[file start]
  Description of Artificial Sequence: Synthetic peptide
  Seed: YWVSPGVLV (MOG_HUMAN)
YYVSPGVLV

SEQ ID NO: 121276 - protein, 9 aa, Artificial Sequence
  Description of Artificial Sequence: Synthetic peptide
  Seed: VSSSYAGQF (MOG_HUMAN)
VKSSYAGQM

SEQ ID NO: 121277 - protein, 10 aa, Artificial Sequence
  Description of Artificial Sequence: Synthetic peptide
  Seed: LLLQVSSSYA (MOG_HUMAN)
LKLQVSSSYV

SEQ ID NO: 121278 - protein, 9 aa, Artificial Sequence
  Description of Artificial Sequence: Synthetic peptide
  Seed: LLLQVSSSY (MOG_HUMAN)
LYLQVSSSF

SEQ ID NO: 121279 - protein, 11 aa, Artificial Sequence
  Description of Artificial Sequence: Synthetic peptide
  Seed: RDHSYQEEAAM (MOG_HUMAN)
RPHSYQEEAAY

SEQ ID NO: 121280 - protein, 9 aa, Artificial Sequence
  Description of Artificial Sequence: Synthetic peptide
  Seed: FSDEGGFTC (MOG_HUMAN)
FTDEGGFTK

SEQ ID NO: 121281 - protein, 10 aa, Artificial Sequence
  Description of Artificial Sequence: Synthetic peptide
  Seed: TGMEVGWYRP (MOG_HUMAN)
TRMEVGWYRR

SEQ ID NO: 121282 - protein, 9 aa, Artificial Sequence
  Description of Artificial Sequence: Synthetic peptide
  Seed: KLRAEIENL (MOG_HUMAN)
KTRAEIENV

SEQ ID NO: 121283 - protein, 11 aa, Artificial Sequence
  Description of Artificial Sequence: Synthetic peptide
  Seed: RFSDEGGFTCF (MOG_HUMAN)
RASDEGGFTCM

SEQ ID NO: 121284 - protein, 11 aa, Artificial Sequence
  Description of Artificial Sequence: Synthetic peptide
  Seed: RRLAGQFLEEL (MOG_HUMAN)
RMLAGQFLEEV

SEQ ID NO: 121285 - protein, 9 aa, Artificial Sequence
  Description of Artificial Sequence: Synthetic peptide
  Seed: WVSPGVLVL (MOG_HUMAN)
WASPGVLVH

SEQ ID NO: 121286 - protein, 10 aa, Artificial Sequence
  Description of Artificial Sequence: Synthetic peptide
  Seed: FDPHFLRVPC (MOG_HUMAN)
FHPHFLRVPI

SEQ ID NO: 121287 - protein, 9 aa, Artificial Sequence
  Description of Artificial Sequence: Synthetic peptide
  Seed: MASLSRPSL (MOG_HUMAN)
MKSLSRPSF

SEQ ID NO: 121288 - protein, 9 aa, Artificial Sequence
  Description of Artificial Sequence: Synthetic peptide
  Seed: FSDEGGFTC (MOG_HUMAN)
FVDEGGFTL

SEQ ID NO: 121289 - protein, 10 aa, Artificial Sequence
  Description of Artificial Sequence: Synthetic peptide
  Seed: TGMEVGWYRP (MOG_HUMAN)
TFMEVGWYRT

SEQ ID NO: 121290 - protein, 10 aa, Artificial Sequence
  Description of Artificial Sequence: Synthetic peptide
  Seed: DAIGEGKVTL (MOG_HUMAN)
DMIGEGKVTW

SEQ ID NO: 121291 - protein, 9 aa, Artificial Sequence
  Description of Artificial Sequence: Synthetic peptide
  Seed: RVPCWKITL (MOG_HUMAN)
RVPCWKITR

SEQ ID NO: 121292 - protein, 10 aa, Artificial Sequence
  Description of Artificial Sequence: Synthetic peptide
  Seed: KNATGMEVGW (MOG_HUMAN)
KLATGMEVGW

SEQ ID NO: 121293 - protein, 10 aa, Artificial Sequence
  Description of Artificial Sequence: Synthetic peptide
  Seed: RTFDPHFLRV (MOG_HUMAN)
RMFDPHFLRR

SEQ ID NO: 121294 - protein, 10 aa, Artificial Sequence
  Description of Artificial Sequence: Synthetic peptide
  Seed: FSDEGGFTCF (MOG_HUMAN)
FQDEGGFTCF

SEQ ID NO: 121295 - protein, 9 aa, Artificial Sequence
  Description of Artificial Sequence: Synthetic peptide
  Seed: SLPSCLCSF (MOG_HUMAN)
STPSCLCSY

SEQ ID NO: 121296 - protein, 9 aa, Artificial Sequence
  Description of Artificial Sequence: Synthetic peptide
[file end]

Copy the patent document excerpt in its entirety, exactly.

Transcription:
  Description of Artificial Sequence: Synthetic peptide
  Seed: YWVSPGVLV (MOG_HUMAN)
YYVSPGVLV

SEQ ID NO: 121276 - protein, 9 aa, Artificial Sequence
  Description of Artificial Sequence: Synthetic peptide
  Seed: VSSSYAGQF (MOG_HUMAN)
VKSSYAGQM

SEQ ID NO: 121277 - protein, 10 aa, Artificial Sequence
  Description of Artificial Sequence: Synthetic peptide
  Seed: LLLQVSSSYA (MOG_HUMAN)
LKLQVSSSYV

SEQ ID NO: 121278 - protein, 9 aa, Artificial Sequence
  Description of Artificial Sequence: Synthetic peptide
  Seed: LLLQVSSSY (MOG_HUMAN)
LYLQVSSSF

SEQ ID NO: 121279 - protein, 11 aa, Artificial Sequence
  Description of Artificial Sequence: Synthetic peptide
  Seed: RDHSYQEEAAM (MOG_HUMAN)
RPHSYQEEAAY

SEQ ID NO: 121280 - protein, 9 aa, Artificial Sequence
  Description of Artificial Sequence: Synthetic peptide
  Seed: FSDEGGFTC (MOG_HUMAN)
FTDEGGFTK

SEQ ID NO: 121281 - protein, 10 aa, Artificial Sequence
  Description of Artificial Sequence: Synthetic peptide
  Seed: TGMEVGWYRP (MOG_HUMAN)
TRMEVGWYRR

SEQ ID NO: 121282 - protein, 9 aa, Artificial Sequence
  Description of Artificial Sequence: Synthetic peptide
  Seed: KLRAEIENL (MOG_HUMAN)
KTRAEIENV

SEQ ID NO: 121283 - protein, 11 aa, Artificial Sequence
  Description of Artificial Sequence: Synthetic peptide
  Seed: RFSDEGGFTCF (MOG_HUMAN)
RASDEGGFTCM

SEQ ID NO: 121284 - protein, 11 aa, Artificial Sequence
  Description of Artificial Sequence: Synthetic peptide
  Seed: RRLAGQFLEEL (MOG_HUMAN)
RMLAGQFLEEV

SEQ ID NO: 121285 - protein, 9 aa, Artificial Sequence
  Description of Artificial Sequence: Synthetic peptide
  Seed: WVSPGVLVL (MOG_HUMAN)
WASPGVLVH

SEQ ID NO: 121286 - protein, 10 aa, Artificial Sequence
  Description of Artificial Sequence: Synthetic peptide
  Seed: FDPHFLRVPC (MOG_HUMAN)
FHPHFLRVPI

SEQ ID NO: 121287 - protein, 9 aa, Artificial Sequence
  Description of Artificial Sequence: Synthetic peptide
  Seed: MASLSRPSL (MOG_HUMAN)
MKSLSRPSF

SEQ ID NO: 121288 - protein, 9 aa, Artificial Sequence
  Description of Artificial Sequence: Synthetic peptide
  Seed: FSDEGGFTC (MOG_HUMAN)
FVDEGGFTL

SEQ ID NO: 121289 - protein, 10 aa, Artificial Sequence
  Description of Artificial Sequence: Synthetic peptide
  Seed: TGMEVGWYRP (MOG_HUMAN)
TFMEVGWYRT

SEQ ID NO: 121290 - protein, 10 aa, Artificial Sequence
  Description of Artificial Sequence: Synthetic peptide
  Seed: DAIGEGKVTL (MOG_HUMAN)
DMIGEGKVTW

SEQ ID NO: 121291 - protein, 9 aa, Artificial Sequence
  Description of Artificial Sequence: Synthetic peptide
  Seed: RVPCWKITL (MOG_HUMAN)
RVPCWKITR

SEQ ID NO: 121292 - protein, 10 aa, Artificial Sequence
  Description of Artificial Sequence: Synthetic peptide
  Seed: KNATGMEVGW (MOG_HUMAN)
KLATGMEVGW

SEQ ID NO: 121293 - protein, 10 aa, Artificial Sequence
  Description of Artificial Sequence: Synthetic peptide
  Seed: RTFDPHFLRV (MOG_HUMAN)
RMFDPHFLRR

SEQ ID NO: 121294 - protein, 10 aa, Artificial Sequence
  Description of Artificial Sequence: Synthetic peptide
  Seed: FSDEGGFTCF (MOG_HUMAN)
FQDEGGFTCF

SEQ ID NO: 121295 - protein, 9 aa, Artificial Sequence
  Description of Artificial Sequence: Synthetic peptide
  Seed: SLPSCLCSF (MOG_HUMAN)
STPSCLCSY

SEQ ID NO: 121296 - protein, 9 aa, Artificial Sequence
  Description of Artificial Sequence: Synthetic peptide